Filling your soul with sound isn't a new idea, just one that seems to be lost in the digital fog of our shared sensory overload. My Morning Jacket is breaking through that fog and they're doing it in a number of ways, but most often it comes in the form of a concert. MMJ's live shows have reached mythic proportions. Their albums are an invitation - a chance for audio observation and personal reflection, deep solitary journeys full of sonic headphone bliss - but it's live, in the concert halls-come-sanctuaries that fans are transformed into disciples.

"Music is a great vehicle for people to lose their minds and to get out of their normal thought bubble and just kind of escape time and space and just get into that vacuum, that blurry area where time doesn't exist anymore," says James. "For us, the live thing, the audience plays a huge role, because if we're playing somewhere and we feel like the audience isn't feeling it or something then it doesn't get that spiritual because it just turns into some tedious task. But, if the audience is really into it and the mood is right and the spirits are right, that's when I feel it becomes really religious, really spiritual, because the fever and the energy of the audience is coming at us and that makes us want to hit back harder. It's just such a crazy, unpredictable kind of energy thing going on."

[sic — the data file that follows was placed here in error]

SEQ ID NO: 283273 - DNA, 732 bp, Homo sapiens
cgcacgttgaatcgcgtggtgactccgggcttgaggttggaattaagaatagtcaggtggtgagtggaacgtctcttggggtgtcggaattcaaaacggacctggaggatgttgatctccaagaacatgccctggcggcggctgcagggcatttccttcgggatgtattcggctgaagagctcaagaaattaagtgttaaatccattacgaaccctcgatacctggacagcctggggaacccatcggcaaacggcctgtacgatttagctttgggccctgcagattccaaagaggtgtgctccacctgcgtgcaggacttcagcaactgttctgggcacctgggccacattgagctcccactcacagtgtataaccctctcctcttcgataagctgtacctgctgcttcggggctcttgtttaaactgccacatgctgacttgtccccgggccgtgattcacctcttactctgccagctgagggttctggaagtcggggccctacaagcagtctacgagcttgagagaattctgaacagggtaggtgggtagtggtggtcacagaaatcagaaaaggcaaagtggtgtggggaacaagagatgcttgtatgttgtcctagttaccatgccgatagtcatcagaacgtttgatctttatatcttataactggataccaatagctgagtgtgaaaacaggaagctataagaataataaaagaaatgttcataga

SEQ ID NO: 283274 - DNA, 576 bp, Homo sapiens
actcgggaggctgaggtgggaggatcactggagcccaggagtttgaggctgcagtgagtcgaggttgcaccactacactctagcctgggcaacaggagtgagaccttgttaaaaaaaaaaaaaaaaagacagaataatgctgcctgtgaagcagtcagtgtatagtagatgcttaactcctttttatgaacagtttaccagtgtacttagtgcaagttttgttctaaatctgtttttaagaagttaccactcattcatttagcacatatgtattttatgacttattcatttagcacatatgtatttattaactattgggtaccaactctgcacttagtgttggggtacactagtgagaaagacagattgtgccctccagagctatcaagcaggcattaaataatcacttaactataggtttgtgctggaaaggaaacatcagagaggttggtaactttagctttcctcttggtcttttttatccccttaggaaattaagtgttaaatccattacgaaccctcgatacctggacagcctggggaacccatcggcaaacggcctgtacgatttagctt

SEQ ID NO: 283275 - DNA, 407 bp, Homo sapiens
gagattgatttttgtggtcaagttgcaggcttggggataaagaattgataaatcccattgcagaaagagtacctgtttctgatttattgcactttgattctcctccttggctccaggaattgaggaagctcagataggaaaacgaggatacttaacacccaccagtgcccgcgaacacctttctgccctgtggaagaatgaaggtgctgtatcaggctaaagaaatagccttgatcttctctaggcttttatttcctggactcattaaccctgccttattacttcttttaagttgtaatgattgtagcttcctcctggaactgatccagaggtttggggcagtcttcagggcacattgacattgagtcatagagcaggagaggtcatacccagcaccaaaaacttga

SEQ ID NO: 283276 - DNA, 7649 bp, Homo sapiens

It seems every time James and I discuss what people are reacting to inside his music we end up back at the spiritual/religious crossroads. It's not that he thinks he's special - far from it, he's very humble – but perhaps Jim James is just a bit more aware of his surroundings.

Jim James by Dino Perrucci
"I'm a big believer in, I don't know, spirits or ghosts is a simplistic way of putting it, but I feel like there are spirits that are around the Earth and if you're writing music, I feel like the best music is kind of brought to you by these forces or spirits" explains James. "And it's the same way with playing a live show. If we're in a place, I try to be respectful of the forces that are already there and the people that have been there before. I try to pray and we huddle up as a band, just to try to let the forces know that we're there with them and we hope that we can kind of join the forces that are there and have it be a good spiritual experience."

But it begs the question why? Why are tens of thousands of fans packing into venues across the globe to be part of this? Is it really because we've lost faith in mainstream religion?

"In a lot of ways organized religion is even more powerful than ever and it just makes me sad, because I've never been able to finalize my thinking on any of those lines because you just can't prove anything. It requires this big, huge leap of faith on the part of the participant to be involved in any of these religions, and it just seems like they do so much more damage than they do good. And they go against the basic principles of what the religion's supposed to be about," says James. "So, I think a lot of people, especially younger people, find that freedom and that boundless, no-boundaries-at-all feeling when they get into music, and they get moved by those forces. I feel like the best thing about church, if you go to a good church, is the music, the fever."